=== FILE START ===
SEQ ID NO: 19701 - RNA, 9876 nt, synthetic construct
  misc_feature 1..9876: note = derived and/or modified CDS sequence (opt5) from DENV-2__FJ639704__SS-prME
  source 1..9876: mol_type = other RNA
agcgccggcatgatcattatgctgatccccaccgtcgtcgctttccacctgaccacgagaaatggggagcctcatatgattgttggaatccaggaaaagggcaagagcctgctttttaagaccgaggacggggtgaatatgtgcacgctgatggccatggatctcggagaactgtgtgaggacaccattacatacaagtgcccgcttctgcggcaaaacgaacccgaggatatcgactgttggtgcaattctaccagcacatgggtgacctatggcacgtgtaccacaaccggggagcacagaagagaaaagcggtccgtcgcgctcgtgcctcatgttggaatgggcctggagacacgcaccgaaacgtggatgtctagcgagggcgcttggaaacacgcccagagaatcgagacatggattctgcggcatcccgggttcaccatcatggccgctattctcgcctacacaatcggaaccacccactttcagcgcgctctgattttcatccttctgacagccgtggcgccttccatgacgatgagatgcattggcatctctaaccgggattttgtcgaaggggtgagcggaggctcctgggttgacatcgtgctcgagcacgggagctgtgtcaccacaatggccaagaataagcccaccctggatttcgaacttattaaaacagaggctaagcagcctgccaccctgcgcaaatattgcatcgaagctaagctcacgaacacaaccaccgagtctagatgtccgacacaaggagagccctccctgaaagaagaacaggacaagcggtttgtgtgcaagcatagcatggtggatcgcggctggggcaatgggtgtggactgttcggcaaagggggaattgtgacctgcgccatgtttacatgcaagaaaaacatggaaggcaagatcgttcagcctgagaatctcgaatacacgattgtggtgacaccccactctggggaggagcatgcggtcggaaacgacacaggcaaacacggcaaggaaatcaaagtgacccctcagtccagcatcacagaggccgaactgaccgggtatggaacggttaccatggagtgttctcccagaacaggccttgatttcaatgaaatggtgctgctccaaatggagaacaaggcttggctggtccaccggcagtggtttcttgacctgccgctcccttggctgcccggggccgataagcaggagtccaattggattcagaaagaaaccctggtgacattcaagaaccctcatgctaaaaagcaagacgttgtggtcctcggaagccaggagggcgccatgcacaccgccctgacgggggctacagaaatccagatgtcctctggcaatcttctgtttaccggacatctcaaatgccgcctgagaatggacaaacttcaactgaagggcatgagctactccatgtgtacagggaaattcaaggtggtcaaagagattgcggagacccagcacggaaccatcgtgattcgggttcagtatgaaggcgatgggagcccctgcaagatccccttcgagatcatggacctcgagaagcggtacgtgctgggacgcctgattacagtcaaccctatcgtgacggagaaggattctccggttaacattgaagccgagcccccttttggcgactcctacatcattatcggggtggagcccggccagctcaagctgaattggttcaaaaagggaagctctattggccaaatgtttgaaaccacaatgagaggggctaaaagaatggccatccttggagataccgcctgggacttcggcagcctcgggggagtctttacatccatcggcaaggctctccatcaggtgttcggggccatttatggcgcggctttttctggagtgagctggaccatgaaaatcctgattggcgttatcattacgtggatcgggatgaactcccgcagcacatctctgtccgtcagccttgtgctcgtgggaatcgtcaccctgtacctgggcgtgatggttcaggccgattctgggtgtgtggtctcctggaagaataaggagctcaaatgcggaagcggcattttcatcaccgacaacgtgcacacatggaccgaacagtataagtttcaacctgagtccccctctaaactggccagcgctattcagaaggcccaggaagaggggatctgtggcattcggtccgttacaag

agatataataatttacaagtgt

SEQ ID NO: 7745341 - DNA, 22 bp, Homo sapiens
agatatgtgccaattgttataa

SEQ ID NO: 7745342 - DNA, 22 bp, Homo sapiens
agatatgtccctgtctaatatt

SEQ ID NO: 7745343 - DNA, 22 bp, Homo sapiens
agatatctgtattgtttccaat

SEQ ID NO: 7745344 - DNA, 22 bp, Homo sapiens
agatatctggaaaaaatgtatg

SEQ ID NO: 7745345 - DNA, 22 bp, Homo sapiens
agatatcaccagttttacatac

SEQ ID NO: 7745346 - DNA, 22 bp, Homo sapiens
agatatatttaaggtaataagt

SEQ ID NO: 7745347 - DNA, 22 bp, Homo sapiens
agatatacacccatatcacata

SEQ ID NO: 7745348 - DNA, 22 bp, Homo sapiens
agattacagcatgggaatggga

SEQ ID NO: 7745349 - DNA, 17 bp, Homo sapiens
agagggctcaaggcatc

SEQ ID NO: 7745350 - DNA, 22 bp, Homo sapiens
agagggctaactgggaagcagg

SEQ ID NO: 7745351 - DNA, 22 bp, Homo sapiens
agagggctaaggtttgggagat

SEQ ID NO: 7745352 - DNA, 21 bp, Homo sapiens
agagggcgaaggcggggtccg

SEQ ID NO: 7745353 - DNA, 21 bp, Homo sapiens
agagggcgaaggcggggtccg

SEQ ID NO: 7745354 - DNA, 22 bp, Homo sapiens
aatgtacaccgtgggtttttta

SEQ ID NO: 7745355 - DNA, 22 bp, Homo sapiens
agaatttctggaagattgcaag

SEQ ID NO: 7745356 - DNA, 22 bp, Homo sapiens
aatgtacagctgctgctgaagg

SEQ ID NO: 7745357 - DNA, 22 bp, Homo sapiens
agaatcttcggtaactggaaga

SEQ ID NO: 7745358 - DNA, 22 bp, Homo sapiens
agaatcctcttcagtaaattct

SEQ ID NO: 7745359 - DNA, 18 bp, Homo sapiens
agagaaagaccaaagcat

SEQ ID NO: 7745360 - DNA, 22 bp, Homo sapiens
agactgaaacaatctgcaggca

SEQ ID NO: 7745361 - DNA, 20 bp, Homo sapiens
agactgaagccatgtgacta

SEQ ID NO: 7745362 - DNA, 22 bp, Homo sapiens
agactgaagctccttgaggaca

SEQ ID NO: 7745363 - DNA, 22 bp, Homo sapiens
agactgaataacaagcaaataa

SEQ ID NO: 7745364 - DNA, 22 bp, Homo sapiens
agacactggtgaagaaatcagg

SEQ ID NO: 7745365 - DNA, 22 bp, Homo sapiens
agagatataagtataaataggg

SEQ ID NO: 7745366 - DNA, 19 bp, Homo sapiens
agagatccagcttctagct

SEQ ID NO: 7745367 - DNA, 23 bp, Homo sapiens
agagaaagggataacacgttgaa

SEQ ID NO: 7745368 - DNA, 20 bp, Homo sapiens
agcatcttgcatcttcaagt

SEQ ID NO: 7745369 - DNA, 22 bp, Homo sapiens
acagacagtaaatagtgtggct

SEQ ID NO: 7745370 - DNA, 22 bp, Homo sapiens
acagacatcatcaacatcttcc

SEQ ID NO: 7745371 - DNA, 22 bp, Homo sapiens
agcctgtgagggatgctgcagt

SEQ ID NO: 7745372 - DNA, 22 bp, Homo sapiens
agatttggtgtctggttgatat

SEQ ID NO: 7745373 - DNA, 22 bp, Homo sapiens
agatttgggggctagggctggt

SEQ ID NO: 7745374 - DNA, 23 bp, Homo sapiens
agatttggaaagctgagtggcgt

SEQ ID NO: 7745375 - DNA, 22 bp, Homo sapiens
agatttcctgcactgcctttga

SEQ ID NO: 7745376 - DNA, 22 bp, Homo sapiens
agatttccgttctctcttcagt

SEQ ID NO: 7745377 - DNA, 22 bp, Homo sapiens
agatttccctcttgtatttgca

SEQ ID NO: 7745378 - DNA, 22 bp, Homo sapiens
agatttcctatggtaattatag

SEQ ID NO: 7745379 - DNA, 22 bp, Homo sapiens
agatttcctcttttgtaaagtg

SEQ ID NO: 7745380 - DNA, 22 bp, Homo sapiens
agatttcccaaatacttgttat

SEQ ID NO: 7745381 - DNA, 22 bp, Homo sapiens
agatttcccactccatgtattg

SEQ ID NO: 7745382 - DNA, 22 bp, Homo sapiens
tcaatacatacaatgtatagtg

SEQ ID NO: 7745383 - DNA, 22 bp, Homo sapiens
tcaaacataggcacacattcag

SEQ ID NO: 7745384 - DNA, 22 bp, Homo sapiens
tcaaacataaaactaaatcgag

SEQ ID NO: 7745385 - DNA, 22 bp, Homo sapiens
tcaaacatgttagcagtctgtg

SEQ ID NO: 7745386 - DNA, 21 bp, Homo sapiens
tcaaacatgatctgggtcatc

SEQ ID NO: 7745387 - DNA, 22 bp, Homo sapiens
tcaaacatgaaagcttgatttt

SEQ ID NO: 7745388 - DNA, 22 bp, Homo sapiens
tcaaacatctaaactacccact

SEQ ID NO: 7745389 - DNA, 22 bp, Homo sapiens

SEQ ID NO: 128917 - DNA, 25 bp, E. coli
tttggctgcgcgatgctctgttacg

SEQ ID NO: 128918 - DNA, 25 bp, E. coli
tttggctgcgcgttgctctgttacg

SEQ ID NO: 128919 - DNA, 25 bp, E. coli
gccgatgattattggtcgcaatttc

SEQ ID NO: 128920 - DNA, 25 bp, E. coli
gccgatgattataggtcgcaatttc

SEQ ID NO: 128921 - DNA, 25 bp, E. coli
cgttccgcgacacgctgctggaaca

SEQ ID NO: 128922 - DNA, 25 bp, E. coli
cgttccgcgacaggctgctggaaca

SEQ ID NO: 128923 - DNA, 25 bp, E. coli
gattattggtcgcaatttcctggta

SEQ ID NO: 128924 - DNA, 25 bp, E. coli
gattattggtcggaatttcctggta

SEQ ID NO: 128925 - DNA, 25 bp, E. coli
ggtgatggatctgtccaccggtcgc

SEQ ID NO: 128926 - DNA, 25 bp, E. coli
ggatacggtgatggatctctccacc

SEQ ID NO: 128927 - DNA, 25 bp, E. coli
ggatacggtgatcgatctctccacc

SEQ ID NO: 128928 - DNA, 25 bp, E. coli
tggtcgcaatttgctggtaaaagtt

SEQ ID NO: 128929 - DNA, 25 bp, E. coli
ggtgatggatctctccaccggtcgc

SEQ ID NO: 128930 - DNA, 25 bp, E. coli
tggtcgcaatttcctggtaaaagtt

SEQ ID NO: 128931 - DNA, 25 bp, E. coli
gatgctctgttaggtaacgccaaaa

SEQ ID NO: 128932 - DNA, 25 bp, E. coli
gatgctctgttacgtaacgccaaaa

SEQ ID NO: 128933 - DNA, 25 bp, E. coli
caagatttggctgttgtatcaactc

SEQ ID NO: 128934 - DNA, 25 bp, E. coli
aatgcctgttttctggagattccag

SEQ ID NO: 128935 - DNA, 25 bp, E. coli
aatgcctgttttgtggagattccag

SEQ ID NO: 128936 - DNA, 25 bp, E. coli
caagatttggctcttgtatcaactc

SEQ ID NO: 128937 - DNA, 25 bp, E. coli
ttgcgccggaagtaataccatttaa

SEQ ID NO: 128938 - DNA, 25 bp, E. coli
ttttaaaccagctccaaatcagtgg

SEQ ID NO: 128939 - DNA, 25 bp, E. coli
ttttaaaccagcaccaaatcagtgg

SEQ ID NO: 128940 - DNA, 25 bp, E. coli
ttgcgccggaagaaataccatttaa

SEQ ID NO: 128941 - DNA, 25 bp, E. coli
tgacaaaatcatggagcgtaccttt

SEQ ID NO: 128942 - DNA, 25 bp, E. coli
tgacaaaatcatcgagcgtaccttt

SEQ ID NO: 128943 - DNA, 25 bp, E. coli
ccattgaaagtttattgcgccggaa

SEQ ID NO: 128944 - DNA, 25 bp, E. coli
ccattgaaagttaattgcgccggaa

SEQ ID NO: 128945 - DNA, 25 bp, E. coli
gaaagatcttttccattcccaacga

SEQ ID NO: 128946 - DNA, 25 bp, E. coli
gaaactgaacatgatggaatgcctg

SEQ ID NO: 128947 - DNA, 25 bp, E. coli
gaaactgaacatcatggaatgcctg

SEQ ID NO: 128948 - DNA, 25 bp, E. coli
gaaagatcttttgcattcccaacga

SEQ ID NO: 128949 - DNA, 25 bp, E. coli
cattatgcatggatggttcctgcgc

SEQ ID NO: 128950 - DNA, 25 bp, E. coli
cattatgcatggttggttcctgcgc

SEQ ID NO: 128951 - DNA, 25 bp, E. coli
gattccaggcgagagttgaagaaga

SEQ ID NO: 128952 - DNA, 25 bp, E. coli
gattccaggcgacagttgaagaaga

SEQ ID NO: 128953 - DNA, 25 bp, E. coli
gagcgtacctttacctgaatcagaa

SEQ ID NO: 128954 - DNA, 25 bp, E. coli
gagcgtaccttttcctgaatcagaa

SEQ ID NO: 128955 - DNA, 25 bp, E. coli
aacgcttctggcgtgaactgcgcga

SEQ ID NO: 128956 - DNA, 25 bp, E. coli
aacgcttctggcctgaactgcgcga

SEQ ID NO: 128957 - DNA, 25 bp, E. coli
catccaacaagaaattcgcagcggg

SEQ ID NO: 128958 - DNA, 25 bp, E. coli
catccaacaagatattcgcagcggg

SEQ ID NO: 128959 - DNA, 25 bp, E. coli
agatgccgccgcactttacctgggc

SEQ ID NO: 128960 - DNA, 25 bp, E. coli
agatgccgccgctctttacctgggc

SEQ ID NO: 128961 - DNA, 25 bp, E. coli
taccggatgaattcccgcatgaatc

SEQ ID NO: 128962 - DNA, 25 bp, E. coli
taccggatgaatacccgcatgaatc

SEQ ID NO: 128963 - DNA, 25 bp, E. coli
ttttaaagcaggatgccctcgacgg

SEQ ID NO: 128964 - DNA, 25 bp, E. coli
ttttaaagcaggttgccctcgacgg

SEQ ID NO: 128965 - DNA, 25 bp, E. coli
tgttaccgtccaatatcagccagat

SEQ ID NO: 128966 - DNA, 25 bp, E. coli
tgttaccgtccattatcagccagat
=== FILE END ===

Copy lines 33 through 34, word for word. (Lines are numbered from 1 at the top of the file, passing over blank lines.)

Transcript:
aatgtacaccgtgggtttttta

SEQ ID NO: 7745355 - DNA, 22 bp, Homo sapiens